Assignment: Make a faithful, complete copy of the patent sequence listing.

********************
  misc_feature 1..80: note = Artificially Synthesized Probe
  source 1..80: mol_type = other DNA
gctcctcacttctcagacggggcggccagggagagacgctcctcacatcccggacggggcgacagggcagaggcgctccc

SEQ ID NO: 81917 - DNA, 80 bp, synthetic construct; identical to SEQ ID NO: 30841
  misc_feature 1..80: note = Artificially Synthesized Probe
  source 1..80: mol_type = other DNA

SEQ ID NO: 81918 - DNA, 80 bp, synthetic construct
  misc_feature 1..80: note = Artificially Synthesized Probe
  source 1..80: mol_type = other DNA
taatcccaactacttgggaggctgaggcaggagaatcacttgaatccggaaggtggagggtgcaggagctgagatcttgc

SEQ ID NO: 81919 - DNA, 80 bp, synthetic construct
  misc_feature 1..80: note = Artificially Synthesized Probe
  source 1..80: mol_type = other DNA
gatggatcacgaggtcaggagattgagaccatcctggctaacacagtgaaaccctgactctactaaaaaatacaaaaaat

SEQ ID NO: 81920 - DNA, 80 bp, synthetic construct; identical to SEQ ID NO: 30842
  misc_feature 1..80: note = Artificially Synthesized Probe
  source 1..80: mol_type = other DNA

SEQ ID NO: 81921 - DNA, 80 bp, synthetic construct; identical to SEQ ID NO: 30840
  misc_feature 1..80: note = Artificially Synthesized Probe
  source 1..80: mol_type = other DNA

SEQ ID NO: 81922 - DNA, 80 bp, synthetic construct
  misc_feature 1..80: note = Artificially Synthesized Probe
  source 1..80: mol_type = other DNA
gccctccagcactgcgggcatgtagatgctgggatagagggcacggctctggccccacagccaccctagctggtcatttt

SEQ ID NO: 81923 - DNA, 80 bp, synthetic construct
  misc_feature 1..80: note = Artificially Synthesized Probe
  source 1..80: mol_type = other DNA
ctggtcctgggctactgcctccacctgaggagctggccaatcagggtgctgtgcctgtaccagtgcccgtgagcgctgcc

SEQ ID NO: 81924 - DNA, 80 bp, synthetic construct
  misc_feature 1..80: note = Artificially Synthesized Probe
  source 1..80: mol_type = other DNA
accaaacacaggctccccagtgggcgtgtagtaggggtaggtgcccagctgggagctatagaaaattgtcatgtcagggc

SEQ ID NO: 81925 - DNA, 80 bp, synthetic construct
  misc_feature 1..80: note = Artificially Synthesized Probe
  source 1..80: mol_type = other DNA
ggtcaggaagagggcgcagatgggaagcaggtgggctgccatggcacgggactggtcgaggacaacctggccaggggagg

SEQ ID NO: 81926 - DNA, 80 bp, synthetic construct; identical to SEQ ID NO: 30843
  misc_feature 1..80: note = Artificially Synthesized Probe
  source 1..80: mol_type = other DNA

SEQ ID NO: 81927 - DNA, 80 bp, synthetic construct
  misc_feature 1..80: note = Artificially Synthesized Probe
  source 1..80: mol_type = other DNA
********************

  misc_feature 1..80: note = Artificially Synthesized Probe
  source 1..80: mol_type = other DNA
gctcctcacttctcagacggggcggccagggagagacgctcctcacatcccggacggggcgacagggcagaggcgctccc

SEQ ID NO: 81917 - DNA, 80 bp, synthetic construct; identical to SEQ ID NO: 30841
  misc_feature 1..80: note = Artificially Synthesized Probe
  source 1..80: mol_type = other DNA

SEQ ID NO: 81918 - DNA, 80 bp, synthetic construct
  misc_feature 1..80: note = Artificially Synthesized Probe
  source 1..80: mol_type = other DNA
taatcccaactacttgggaggctgaggcaggagaatcacttgaatccggaaggtggagggtgcaggagctgagatcttgc

SEQ ID NO: 81919 - DNA, 80 bp, synthetic construct
  misc_feature 1..80: note = Artificially Synthesized Probe
  source 1..80: mol_type = other DNA
gatggatcacgaggtcaggagattgagaccatcctggctaacacagtgaaaccctgactctactaaaaaatacaaaaaat

SEQ ID NO: 81920 - DNA, 80 bp, synthetic construct; identical to SEQ ID NO: 30842
  misc_feature 1..80: note = Artificially Synthesized Probe
  source 1..80: mol_type = other DNA

SEQ ID NO: 81921 - DNA, 80 bp, synthetic construct; identical to SEQ ID NO: 30840
  misc_feature 1..80: note = Artificially Synthesized Probe
  source 1..80: mol_type = other DNA

SEQ ID NO: 81922 - DNA, 80 bp, synthetic construct
  misc_feature 1..80: note = Artificially Synthesized Probe
  source 1..80: mol_type = other DNA
gccctccagcactgcgggcatgtagatgctgggatagagggcacggctctggccccacagccaccctagctggtcatttt

SEQ ID NO: 81923 - DNA, 80 bp, synthetic construct
  misc_feature 1..80: note = Artificially Synthesized Probe
  source 1..80: mol_type = other DNA
ctggtcctgggctactgcctccacctgaggagctggccaatcagggtgctgtgcctgtaccagtgcccgtgagcgctgcc

SEQ ID NO: 81924 - DNA, 80 bp, synthetic construct
  misc_feature 1..80: note = Artificially Synthesized Probe
  source 1..80: mol_type = other DNA
accaaacacaggctccccagtgggcgtgtagtaggggtaggtgcccagctgggagctatagaaaattgtcatgtcagggc

SEQ ID NO: 81925 - DNA, 80 bp, synthetic construct
  misc_feature 1..80: note = Artificially Synthesized Probe
  source 1..80: mol_type = other DNA
ggtcaggaagagggcgcagatgggaagcaggtgggctgccatggcacgggactggtcgaggacaacctggccaggggagg

SEQ ID NO: 81926 - DNA, 80 bp, synthetic construct; identical to SEQ ID NO: 30843
  misc_feature 1..80: note = Artificially Synthesized Probe
  source 1..80: mol_type = other DNA

SEQ ID NO: 81927 - DNA, 80 bp, synthetic construct
  misc_feature 1..80: note = Artificially Synthesized Probe
  source 1..80: mol_type = other DNA